By Ben Cohen
I'm making a concerted effort to pay attention to conservative writers during these tumultuous economic times, mostly because I want to see which ones are exhibiting any signs of intelligence. Many of them have quickly abandoned their small government pretenses and are calling for drastic federal action to stave off the recession. But some are sticking to their guns, obstinate in their belief in the free market, and convinced government is the problem, not the solution. Neo Con extremist Charles Krauthammer has been true to form, ignoring all the evidence and judiciously spinning his own ludicrous take on events. Krauthammer wants the government to intervene and pump credit back into the economy, but heaven forbid they start to tell banks and industry how they must behave. For Krauthammer, free markets still reign supreme.
In an article for the Wall St Journal, Krauthammer warns of the imminent danger the government will bring if it intervenes with the sanctity of free market capitalism. He writes:
The ruling Democrats have a choice: Rescue this economy to return it to
market control. Or use this crisis to seize the commanding heights of
the economy for the greater social good. Note: The latter has already
been tried. The results are filed under "History, ash heap of."
Krauthammer's take is interesting for a number of reasons.
Firstly, social democracies like Sweden, Norway and Denmark are amongst the most successful, egalitarian societies on earth, so Krauthammer is simply lying.
Secondly, as Noam Chomsky pointed out in an interview I conducted with him last month, government intervention in the market is nothing new. It is as old as capitalism itself, and the defining engine of economic prosperity. All of Western economic development follows a remarkably similar pattern - a strong, central government protects fledgling markets, subsidizes them while they are growing, then bails them out during times of crisis. It is a story of socialized risk, and privatized profit, or corporate socialism if you will. The market does exist, but only for the poor and middle classes who must fend for themselves without the support of Uncle Sam.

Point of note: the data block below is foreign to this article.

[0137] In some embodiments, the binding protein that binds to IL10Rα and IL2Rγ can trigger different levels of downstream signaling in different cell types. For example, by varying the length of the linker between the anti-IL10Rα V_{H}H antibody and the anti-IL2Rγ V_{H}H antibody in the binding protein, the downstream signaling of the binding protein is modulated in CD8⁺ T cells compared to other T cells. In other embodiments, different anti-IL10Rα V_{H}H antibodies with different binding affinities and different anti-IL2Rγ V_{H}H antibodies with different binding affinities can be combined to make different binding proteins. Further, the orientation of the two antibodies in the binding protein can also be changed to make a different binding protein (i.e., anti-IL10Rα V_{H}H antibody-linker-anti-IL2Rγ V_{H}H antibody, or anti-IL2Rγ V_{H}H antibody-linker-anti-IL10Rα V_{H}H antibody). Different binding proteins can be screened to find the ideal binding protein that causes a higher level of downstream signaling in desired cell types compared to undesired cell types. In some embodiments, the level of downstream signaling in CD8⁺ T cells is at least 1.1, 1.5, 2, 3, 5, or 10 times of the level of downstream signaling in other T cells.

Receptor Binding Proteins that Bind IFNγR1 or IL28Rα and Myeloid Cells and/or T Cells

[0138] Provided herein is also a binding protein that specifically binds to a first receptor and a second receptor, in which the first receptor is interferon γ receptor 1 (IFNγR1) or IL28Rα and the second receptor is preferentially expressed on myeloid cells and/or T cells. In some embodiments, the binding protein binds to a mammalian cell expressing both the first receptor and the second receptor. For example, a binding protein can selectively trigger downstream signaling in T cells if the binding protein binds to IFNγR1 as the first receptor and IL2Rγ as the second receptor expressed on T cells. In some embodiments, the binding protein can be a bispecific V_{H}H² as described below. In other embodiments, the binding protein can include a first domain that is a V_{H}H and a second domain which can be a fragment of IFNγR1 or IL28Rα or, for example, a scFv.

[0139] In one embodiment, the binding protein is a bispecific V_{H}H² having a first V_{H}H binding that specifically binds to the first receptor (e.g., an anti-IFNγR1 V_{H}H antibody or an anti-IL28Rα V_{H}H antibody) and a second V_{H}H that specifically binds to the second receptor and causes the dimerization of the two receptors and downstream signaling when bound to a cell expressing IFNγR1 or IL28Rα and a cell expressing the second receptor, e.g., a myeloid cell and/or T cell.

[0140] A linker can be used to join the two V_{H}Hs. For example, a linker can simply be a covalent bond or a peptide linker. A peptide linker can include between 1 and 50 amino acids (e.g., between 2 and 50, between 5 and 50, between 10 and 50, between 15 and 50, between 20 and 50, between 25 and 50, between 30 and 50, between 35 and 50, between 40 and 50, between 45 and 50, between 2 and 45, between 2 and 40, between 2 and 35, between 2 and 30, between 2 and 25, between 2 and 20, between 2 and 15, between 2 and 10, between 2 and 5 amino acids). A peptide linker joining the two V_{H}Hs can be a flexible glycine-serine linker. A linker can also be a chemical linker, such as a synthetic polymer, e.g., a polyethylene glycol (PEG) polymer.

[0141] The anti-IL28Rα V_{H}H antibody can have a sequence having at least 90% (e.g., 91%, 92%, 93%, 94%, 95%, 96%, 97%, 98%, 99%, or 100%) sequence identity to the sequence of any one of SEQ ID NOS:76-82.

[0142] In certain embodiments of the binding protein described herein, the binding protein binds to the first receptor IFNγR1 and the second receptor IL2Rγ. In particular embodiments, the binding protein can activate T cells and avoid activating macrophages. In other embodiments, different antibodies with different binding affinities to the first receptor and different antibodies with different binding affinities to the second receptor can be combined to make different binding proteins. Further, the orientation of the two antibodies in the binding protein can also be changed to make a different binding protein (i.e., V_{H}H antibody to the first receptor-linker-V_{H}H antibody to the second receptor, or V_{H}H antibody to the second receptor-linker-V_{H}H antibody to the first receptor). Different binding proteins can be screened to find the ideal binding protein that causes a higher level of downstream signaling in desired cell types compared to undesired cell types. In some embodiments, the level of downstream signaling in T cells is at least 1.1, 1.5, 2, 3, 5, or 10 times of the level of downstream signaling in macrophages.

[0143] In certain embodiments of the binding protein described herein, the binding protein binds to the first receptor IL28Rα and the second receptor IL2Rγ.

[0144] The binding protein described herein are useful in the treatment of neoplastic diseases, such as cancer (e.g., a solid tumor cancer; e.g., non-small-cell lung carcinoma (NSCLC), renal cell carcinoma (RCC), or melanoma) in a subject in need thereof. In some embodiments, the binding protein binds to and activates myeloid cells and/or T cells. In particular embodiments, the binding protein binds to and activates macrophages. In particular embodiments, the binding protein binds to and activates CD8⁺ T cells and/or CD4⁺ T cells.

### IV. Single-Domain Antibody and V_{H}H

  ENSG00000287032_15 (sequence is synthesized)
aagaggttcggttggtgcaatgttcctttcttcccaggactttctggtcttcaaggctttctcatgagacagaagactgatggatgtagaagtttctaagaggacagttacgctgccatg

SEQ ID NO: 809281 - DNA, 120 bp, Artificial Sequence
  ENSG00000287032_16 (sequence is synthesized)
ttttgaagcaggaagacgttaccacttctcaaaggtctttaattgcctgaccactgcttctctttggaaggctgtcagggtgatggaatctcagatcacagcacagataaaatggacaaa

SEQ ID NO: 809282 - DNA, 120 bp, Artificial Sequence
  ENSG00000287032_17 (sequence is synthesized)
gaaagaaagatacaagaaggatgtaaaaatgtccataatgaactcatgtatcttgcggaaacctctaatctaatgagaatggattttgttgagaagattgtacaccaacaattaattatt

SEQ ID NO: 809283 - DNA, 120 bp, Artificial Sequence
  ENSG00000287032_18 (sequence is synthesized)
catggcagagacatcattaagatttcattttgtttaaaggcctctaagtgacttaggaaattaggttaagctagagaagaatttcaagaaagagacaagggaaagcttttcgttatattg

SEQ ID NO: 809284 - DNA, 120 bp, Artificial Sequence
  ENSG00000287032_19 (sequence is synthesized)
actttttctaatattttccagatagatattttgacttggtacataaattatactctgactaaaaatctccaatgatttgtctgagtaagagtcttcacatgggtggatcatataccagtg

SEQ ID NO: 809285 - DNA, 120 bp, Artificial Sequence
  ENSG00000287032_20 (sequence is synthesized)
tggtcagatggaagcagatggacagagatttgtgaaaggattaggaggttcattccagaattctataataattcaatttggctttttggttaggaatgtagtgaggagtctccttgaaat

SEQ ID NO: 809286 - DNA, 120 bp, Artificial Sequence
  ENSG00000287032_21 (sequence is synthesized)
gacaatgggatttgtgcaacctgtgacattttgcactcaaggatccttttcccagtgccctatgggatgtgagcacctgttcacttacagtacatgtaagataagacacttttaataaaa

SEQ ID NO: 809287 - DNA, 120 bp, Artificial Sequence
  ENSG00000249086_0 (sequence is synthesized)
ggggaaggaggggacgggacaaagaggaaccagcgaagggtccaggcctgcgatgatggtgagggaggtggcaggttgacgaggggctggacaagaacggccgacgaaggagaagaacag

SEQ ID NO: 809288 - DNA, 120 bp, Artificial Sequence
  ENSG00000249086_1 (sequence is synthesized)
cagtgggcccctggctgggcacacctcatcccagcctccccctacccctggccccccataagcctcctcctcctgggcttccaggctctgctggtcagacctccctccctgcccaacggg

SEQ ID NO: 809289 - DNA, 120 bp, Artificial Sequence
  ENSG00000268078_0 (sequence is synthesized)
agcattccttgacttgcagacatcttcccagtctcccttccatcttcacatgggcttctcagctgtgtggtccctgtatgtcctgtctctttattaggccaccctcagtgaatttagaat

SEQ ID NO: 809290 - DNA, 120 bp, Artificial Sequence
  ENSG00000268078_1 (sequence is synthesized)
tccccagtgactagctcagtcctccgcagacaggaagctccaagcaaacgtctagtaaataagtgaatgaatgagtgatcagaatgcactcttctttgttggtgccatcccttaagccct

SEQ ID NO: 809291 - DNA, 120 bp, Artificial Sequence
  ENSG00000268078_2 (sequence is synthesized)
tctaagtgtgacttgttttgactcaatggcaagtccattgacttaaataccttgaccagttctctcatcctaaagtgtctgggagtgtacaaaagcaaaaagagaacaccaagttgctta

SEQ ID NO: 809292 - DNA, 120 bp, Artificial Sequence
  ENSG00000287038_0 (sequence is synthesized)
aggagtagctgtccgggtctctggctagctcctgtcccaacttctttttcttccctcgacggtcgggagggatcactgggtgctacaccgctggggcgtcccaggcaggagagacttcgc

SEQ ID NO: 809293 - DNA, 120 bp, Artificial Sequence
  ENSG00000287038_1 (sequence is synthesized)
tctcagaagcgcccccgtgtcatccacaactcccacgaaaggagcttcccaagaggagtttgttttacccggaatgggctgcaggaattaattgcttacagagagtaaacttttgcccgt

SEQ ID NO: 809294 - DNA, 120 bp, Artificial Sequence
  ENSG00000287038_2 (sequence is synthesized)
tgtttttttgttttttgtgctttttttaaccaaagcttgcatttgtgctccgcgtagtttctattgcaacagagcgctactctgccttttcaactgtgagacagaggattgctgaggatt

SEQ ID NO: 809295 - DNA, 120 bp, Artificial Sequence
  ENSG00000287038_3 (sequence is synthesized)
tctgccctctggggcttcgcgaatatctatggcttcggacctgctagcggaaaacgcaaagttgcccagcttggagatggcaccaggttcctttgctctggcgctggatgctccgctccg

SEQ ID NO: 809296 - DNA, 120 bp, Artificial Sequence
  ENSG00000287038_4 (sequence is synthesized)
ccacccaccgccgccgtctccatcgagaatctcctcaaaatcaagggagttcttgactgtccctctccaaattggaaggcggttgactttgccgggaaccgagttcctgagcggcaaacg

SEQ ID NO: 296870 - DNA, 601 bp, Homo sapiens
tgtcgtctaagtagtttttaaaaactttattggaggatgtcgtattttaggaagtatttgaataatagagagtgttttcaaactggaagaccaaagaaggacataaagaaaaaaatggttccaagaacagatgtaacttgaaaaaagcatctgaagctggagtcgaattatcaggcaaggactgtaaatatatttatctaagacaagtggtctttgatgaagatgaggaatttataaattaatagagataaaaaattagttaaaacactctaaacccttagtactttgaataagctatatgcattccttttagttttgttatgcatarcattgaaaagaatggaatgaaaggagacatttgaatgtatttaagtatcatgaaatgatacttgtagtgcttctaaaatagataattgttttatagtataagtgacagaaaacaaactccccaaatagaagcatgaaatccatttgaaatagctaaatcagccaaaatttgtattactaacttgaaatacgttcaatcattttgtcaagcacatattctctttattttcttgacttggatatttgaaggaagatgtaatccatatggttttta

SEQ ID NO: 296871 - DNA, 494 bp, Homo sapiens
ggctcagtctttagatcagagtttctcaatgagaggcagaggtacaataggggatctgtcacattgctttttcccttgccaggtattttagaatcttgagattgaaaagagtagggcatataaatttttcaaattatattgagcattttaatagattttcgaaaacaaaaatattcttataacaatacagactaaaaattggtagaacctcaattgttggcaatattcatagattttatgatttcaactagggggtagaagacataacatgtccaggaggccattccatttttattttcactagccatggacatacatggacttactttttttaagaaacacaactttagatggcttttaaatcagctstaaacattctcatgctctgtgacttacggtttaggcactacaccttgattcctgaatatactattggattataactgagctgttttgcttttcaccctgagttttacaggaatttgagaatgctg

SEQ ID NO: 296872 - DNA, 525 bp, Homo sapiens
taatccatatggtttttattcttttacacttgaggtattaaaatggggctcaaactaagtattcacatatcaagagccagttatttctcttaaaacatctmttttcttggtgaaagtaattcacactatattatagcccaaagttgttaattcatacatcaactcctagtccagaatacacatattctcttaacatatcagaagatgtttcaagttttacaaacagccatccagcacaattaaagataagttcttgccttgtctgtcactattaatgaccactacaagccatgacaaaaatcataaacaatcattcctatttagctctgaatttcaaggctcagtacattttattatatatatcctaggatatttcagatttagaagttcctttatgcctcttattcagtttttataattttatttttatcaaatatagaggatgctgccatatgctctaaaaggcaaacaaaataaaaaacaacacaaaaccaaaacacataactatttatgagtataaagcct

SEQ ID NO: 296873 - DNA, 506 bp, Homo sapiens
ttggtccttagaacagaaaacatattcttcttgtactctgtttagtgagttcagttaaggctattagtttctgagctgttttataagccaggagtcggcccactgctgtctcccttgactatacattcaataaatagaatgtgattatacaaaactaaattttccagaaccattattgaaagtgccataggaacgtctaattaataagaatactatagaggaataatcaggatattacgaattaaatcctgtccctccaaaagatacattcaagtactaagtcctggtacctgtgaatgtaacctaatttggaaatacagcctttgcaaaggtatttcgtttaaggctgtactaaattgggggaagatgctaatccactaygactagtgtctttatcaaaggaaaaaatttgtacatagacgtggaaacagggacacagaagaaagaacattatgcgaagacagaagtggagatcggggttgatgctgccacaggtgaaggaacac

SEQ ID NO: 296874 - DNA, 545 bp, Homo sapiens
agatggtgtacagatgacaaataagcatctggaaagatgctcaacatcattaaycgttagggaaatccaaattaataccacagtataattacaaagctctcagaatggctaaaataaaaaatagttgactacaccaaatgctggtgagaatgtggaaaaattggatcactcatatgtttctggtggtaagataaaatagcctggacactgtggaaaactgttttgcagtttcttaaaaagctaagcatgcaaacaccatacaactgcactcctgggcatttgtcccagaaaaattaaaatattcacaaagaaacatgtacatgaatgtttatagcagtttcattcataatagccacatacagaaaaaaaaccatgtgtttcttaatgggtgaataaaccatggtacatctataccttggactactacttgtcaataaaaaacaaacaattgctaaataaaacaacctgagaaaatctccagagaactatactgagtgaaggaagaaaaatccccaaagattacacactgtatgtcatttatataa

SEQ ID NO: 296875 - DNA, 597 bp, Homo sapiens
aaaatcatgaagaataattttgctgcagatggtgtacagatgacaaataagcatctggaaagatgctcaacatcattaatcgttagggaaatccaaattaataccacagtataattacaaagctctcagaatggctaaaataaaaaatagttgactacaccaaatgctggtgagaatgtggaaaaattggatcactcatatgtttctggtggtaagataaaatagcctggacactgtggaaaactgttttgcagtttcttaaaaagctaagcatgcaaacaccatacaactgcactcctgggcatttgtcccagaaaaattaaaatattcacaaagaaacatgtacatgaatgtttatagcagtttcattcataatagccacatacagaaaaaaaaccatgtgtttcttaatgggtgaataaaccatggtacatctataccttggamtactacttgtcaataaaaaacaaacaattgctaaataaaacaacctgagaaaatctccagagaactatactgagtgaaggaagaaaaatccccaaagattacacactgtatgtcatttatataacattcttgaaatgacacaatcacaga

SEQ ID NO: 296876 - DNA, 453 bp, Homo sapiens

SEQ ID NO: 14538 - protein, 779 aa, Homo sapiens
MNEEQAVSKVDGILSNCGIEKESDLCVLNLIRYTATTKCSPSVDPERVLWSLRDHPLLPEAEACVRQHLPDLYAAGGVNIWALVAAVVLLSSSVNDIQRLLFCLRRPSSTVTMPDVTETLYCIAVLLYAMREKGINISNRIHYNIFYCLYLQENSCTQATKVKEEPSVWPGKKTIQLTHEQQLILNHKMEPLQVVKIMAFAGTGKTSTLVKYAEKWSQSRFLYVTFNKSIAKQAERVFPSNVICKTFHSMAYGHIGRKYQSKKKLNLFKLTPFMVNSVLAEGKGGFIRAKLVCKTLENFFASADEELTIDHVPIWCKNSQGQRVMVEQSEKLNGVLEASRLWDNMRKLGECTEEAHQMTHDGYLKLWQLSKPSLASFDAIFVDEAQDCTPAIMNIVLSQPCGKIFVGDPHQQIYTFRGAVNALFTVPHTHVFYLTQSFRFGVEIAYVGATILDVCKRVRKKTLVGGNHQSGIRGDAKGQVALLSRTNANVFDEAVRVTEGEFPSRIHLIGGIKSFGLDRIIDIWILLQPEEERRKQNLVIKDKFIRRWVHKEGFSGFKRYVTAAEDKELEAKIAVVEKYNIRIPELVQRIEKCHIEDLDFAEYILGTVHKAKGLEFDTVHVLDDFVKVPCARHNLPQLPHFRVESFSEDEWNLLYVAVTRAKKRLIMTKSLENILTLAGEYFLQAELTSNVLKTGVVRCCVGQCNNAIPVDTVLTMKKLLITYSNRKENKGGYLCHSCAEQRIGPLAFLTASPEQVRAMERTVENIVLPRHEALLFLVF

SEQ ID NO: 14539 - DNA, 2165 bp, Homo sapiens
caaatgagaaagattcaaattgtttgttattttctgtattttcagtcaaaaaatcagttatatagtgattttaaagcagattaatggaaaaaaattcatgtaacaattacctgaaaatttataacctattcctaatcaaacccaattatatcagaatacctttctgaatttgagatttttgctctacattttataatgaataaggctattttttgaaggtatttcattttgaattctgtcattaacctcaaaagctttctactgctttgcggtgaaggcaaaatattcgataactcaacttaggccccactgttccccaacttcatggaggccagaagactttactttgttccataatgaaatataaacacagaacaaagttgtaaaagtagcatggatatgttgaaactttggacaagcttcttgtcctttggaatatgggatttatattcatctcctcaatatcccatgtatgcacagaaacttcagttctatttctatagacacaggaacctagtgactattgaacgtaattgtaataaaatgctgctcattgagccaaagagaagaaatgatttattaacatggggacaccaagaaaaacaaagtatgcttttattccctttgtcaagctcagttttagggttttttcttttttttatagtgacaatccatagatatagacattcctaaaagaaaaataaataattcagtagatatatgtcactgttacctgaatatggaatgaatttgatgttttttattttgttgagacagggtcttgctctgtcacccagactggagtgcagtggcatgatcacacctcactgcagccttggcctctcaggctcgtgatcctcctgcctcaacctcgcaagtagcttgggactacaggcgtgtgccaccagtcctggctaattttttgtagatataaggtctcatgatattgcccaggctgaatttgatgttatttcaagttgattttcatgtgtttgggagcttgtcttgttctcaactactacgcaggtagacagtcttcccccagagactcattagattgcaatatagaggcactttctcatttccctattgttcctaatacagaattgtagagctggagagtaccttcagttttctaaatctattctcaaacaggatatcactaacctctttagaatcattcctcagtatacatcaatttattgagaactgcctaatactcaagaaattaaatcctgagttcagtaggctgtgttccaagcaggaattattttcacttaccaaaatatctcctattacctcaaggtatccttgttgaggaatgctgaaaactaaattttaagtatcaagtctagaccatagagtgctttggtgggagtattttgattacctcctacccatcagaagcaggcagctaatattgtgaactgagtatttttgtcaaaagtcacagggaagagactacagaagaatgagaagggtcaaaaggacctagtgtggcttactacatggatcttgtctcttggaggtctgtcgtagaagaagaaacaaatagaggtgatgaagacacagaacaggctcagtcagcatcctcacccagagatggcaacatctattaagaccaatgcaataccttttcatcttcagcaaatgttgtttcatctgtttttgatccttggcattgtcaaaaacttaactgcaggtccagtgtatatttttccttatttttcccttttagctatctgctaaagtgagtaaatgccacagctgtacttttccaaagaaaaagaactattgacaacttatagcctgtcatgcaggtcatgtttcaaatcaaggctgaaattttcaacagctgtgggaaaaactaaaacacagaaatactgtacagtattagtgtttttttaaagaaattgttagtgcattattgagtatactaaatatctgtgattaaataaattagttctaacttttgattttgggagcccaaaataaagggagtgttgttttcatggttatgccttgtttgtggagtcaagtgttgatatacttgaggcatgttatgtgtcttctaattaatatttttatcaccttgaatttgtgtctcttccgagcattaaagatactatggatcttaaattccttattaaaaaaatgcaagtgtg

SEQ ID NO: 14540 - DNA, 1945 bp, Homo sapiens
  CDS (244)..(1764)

Yet the Krauthammers of this world ignore this fact, ascribing economic development to the 'Invisible Hand' of the market. He writes:
Republican minimalism -- saving the credit-issuing utilities --
certainly risks not doing enough. But the Democratic drift toward
massive industrial policy threatens to grow into the guaranteed
inefficiencies of command-economy maximalism.
In this crisis, we agree to suspend the invisible hand of Adam Smith -- but not in order to be crushed by the heavy hand of government.
I've often thought that a good percentage of economic conservatives don't believe their philosophy actually helps the most people. I think they are simply greedy, and want society to work in a way that benefits them regardless of the plight of others. However, commentators like Krauthammer seem to genuinely believe in the doctrine of free market capitalism, and will subscribe to its purity no matter what. If it crashes, it wasn't 'free' enough, and if doesn't work, then human error is to blame. His rigid belief that government is bad, and free markets are good has led to the current disaster, yet he is incapable of seeing it. So Krauthammer, as loathsome as he appears, it not necessarily a bad person. Just stupid.